•         A visitor makes customizations of your product.
  •         Someone kind donates cash.
  •         Anyone looks up your location.
  •         Your client requests a meeting.
  •         They put forward their application.

You’ll see a list of trackable events in Ad Manager. From there, you’ll have to choose whether to track on:

  •         Page Load: As soon as someone visits your site, the pixel springs into action.
  •         Inline Action: This allows you to target a more specific event, like when someone adds something to their wish list.

You can also choose the parameters to ensure that you get more targeted results. For example, you might want to target people who spend more than $50.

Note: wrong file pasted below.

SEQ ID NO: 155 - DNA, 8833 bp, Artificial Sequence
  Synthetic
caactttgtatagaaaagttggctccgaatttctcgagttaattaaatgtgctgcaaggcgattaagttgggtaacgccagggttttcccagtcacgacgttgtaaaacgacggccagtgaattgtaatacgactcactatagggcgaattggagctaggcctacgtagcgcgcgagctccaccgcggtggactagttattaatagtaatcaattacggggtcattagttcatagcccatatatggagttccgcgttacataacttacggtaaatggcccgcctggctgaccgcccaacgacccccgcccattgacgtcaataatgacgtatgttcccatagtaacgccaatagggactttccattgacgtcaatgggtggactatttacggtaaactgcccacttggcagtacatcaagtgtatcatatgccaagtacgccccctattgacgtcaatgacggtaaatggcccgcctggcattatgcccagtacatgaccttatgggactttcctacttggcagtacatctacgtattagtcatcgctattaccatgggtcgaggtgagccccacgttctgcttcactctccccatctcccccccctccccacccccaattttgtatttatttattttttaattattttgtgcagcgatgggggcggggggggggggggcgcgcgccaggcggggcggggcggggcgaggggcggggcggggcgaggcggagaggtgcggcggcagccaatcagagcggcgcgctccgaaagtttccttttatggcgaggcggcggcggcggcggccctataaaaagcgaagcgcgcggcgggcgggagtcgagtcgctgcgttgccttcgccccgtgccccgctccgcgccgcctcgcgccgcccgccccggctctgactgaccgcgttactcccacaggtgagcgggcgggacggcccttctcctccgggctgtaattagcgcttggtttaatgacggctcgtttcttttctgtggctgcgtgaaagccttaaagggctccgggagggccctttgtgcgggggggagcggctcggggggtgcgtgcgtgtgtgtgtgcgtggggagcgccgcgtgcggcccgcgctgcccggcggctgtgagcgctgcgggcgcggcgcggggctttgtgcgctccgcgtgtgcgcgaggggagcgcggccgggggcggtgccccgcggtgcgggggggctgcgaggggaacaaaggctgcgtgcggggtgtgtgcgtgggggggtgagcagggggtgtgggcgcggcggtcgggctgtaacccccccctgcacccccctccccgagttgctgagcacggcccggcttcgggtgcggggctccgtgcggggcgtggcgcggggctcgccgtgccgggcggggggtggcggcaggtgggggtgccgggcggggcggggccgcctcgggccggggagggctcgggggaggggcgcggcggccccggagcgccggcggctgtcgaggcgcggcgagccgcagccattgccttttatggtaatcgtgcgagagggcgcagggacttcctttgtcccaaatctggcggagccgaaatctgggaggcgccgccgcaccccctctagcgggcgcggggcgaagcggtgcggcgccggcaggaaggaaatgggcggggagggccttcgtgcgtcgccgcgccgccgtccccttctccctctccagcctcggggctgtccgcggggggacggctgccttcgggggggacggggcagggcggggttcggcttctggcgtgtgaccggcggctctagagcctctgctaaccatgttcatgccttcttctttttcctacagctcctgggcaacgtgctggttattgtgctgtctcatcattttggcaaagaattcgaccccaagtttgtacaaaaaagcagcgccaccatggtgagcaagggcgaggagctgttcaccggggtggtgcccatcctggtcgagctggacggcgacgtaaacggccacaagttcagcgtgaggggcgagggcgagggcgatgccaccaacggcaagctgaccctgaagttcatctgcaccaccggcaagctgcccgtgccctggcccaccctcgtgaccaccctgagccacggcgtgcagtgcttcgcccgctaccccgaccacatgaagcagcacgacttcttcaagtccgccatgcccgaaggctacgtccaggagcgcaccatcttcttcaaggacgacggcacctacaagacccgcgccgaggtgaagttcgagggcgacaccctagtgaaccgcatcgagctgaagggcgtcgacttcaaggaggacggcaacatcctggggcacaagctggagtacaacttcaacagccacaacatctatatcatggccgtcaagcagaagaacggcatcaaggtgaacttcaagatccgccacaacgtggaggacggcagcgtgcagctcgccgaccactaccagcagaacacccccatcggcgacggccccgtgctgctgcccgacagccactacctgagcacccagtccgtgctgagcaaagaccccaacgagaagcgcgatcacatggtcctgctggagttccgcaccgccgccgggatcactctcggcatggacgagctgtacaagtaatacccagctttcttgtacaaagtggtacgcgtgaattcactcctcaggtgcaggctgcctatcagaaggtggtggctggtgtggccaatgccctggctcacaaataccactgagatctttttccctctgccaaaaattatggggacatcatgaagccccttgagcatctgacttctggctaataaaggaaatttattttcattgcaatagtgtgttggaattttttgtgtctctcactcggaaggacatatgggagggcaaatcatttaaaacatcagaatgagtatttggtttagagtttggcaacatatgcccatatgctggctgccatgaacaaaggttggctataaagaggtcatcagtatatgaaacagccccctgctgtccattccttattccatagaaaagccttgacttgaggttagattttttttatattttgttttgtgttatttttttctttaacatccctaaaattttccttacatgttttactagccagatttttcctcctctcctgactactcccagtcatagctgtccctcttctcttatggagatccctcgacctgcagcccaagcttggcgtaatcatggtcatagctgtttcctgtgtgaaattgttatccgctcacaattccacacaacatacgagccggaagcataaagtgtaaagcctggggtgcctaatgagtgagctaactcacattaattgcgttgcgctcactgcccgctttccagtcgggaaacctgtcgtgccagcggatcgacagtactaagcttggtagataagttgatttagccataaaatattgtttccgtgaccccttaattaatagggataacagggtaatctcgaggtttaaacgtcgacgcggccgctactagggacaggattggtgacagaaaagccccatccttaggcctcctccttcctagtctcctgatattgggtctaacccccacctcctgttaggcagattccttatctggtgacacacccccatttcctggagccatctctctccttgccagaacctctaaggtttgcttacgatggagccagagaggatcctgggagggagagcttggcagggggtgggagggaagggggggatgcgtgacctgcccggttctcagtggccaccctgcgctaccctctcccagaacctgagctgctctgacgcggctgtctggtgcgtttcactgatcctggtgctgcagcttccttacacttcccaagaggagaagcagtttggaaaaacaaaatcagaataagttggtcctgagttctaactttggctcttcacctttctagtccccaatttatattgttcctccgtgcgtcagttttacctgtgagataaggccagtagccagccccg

Once you’ve put all that information in, you get another piece of code. This piece is not designed to go into the head section of your site. Instead, use it for the most relevant page. If you’re not sure how to do that, speak to a web designer.

That’s it, you’ve created your pixel. Now let’s talk about some strategies so you can get started.  

5 Strategies to Use with Your Facebook Retargeting Pixel

1. Target Everyone

This is the simplest option. Here your pixel tracks anyone who’s been on your site recently. Here’s how to do this:

  •         Go into Ads Manager.
  •         Choose “Create a New Campaign.”
  •         Set your goals as you normally would.
  •         Select “Custom Audience.”
  •         Now look for the “Website Traffic” button.
  •         By default, it’ll track site visitors over a month. You can increase this as you like. The maximum length of tracking is 180 days.
  •         Now name the target and hit “Create Audience.”
  •         From there, you’ll create your ad as you normally would.
  •         That whole process means that only site visitors see your ad.

This is a good way to: